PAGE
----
National Cancer Prevention Month
Among the most common deathly cancers, lung, colorectal, prostate, and breast cancer continue to account for about 46% of total deaths by cancer among men and women.

National Cancer Prevention Month

AMERICAN CANCER SOCIETY CARES

Nikkie Sardelli
Staff Partner, ACS Marco Island

The month of February is dedicated to National Cancer Prevention, and it was fitting that the American Cancer Society of Marco Island held their annual Imagination Ball on February 4th, which was World Cancer Day. On the topic of prevention, early detection and screening are among the top preventatives you may take. Last month’s column discussed how important this is to seeing cancer death rates continue to decrease, as they have by 25% between 1991 and 2014. Scheduling regular colonoscopies, mammograms, or a screening based on a cancer common in your family may allow you to detect cancer early, resulting in a higher chance of successful treatment.

Living in Florida subjects you to high sun exposure, and it is important to take notice of any changing or new spots on your body. Seeing a dermatologist early can potentially allow them to surgically remove the spot from your skin, without it spreading to other parts of your body. 

Living in Florida subjects you to high sun exposure, and it is important to take notice of any changing or new spots on your body. Seeing a dermatologist early can potentially allow them to surgically remove the spot from your skin, without it spreading to other parts of your body. Skin cancer is the most common cancer in the United States, however, there are many things you may do to protect yourself from harmful rays; spending minimal time in direct sun, being sure to use sunscreen at all times while outdoors, and limiting or eliminating the use of indoor tanning beds and lamps. In 2013, approximately 4% of US adults, and 20% of female high school students reported using an indoor tanning device. Just remember to “Slip, Slop, Slap!” – slip on a shirt, slop on sunscreen, slap on a hat.

You may perform an at-home skin exam regularly by examining your body and taking note of where you have moles and freckles, then follow the ABCDE rule; A is for Asymmetry, B is for Border, C is for Color, D is for Diameter, E is for Evolving. If you notice irregularities in any of these categories regarding uneven shape, irregular edges, or changes in diameter, please seek medical attention to have a proper examination.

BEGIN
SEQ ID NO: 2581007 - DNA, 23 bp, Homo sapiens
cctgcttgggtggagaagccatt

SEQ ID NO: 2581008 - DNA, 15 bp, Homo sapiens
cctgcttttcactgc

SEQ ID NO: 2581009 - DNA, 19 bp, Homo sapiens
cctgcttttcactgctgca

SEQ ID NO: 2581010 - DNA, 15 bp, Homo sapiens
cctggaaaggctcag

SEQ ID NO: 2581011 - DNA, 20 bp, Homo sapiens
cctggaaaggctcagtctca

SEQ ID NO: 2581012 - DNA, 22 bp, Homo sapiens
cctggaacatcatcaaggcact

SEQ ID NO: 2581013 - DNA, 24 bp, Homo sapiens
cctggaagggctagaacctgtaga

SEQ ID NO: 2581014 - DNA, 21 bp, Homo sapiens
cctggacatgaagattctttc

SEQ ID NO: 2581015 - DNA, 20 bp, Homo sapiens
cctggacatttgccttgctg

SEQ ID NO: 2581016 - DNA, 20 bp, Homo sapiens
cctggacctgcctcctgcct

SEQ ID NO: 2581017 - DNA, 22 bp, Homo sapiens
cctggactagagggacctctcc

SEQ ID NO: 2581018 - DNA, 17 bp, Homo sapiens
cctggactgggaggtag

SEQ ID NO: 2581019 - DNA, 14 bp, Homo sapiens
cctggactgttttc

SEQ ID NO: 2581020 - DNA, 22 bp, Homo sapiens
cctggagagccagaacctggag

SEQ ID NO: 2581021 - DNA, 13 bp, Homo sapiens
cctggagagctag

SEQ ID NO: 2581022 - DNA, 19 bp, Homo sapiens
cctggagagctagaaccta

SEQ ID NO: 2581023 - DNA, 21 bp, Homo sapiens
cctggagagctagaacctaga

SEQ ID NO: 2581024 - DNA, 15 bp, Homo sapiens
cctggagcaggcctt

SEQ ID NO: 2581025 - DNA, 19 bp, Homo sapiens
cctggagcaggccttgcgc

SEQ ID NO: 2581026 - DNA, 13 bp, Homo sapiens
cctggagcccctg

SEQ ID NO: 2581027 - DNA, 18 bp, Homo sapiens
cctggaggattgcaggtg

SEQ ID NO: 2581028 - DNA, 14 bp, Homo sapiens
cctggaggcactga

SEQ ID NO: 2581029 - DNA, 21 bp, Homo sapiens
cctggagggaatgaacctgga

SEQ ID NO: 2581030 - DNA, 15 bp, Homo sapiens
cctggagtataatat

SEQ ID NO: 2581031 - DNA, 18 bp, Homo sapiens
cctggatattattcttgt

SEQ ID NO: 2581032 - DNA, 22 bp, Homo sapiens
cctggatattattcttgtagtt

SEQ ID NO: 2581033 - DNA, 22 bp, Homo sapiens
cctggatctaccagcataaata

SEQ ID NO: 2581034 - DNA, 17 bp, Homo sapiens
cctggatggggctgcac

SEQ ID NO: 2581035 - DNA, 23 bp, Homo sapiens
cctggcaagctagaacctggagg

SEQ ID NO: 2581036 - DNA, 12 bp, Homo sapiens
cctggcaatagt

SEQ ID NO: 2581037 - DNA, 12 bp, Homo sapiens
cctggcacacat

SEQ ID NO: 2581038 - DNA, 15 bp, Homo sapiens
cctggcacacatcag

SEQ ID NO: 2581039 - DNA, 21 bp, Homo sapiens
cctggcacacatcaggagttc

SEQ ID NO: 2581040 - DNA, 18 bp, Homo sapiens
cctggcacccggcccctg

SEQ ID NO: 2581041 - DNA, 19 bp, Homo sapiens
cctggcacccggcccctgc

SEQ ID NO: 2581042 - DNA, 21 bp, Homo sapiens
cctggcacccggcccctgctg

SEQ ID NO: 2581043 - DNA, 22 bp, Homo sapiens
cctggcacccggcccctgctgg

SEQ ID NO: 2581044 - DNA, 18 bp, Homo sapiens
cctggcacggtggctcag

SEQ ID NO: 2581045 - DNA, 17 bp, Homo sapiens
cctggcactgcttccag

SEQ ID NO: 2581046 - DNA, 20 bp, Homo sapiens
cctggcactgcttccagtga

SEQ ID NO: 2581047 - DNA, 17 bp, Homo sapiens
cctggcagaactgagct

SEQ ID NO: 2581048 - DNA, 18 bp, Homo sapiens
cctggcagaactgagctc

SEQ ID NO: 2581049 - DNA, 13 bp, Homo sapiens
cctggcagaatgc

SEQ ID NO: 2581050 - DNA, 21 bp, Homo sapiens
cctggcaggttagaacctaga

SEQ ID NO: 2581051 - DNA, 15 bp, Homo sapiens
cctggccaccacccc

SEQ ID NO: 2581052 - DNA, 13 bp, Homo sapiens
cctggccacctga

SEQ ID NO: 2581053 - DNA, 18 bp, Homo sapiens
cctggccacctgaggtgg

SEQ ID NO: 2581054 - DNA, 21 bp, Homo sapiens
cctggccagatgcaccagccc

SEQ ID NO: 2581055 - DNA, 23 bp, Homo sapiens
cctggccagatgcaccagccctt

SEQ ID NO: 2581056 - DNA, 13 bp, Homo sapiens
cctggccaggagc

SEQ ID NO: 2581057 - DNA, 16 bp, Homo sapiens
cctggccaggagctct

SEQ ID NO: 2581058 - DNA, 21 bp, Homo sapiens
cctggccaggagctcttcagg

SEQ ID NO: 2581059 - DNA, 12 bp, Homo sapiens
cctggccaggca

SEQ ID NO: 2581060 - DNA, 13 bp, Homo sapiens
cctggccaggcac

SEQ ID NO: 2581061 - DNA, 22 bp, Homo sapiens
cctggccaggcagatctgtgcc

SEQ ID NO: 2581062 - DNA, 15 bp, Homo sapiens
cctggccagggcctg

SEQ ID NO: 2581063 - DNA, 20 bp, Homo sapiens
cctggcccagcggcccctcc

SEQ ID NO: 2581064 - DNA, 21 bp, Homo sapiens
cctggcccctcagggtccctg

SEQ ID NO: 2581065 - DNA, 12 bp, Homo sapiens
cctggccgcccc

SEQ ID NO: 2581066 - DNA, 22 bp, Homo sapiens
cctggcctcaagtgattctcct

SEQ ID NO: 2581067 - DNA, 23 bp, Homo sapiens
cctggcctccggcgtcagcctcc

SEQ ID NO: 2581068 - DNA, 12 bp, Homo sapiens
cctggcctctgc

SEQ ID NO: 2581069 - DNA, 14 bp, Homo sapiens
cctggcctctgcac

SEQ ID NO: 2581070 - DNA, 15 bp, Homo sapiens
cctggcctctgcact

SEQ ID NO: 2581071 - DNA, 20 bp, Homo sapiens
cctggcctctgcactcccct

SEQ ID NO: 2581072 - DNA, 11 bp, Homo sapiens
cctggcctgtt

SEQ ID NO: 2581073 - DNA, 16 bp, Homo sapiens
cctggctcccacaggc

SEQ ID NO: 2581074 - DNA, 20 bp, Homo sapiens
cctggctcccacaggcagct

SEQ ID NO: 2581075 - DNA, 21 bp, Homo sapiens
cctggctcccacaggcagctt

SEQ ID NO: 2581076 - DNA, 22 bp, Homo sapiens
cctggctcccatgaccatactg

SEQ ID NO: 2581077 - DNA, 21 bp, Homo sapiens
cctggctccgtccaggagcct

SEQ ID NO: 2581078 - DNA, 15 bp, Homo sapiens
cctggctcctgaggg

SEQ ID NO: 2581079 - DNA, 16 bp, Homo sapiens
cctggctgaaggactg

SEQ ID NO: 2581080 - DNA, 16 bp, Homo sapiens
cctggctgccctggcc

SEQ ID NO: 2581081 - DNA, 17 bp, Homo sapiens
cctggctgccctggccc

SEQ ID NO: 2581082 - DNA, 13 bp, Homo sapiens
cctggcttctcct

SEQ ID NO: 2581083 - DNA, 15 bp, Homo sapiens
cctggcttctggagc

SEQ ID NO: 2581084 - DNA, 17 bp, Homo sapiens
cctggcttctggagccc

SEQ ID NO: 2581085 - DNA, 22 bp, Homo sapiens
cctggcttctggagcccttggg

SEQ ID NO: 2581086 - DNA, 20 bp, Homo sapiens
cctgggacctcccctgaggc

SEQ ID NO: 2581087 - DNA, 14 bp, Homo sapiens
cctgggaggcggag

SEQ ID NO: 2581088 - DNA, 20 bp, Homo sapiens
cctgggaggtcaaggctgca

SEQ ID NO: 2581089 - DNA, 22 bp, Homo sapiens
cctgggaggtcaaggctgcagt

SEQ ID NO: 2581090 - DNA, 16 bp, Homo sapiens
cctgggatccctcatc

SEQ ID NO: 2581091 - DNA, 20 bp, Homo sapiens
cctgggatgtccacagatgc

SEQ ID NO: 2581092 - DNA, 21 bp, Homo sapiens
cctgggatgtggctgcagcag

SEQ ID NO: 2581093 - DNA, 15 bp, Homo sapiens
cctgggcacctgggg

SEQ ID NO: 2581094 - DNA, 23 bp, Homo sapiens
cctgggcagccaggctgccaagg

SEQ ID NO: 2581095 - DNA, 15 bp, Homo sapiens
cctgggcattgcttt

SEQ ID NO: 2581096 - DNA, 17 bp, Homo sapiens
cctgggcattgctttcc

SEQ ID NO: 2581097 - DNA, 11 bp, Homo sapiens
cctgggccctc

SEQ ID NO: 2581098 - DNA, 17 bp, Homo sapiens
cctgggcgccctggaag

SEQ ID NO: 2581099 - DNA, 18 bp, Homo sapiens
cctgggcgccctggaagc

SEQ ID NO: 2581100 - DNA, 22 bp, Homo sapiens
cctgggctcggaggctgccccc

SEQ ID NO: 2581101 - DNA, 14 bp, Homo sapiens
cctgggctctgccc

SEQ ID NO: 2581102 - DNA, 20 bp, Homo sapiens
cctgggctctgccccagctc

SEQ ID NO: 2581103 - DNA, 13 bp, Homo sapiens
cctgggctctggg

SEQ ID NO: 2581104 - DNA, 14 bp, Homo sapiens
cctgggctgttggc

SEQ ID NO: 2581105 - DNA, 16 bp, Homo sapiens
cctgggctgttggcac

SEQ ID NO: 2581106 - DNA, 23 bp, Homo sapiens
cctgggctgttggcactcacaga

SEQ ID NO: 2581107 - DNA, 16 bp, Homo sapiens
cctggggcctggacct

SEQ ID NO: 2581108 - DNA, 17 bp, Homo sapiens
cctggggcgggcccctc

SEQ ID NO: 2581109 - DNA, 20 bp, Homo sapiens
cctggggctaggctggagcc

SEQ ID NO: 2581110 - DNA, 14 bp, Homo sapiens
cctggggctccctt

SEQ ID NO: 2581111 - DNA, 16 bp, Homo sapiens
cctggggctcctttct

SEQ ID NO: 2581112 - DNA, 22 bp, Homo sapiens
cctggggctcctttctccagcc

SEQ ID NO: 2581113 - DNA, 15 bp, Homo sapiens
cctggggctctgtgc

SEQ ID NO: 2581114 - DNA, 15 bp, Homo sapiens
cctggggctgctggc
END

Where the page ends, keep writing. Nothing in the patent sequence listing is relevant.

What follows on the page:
Other warning signs related to melanoma could be, a sore that does not heal, spreading of pigment from the border to surrounding skin, redness or new swelling around the spot’s border, spots that become itchy, tender, or painful, and mole’s that have become scaly, bleeding, or oozing. These are signs that something is not right, and you should seek medical treatment for a proper examination.

To read more information on prevention, please visit our website at www.cancer.org. You may also stop by our local Marco Island office Monday through Friday 9 AM – 5 PM. We offer informational pamphlets, and complimentary wigs. If you would like to speak to a cancer specialist, try our Patient Services 24/7 department at 1-800-227-2345.

This is an ongoing series of columns dedicated to informing the Marco Island community about the American Cancer Society, the nationwide community-based voluntary health organization dedicated to eliminating cancer as a major health concern by preventing cancer, saving lives, and diminishing suffering from cancer, through research, education, advocacy, and service. The Marco Island American Cancer Society office is located at 583 Tallwood St., Suite 101 and is open daily from 9 AM-5 PM. For more information about volunteering or any of the events mentioned in this column please contact Sue Olszak or Lisa Honig at 239-642-8800 ext. 3890.


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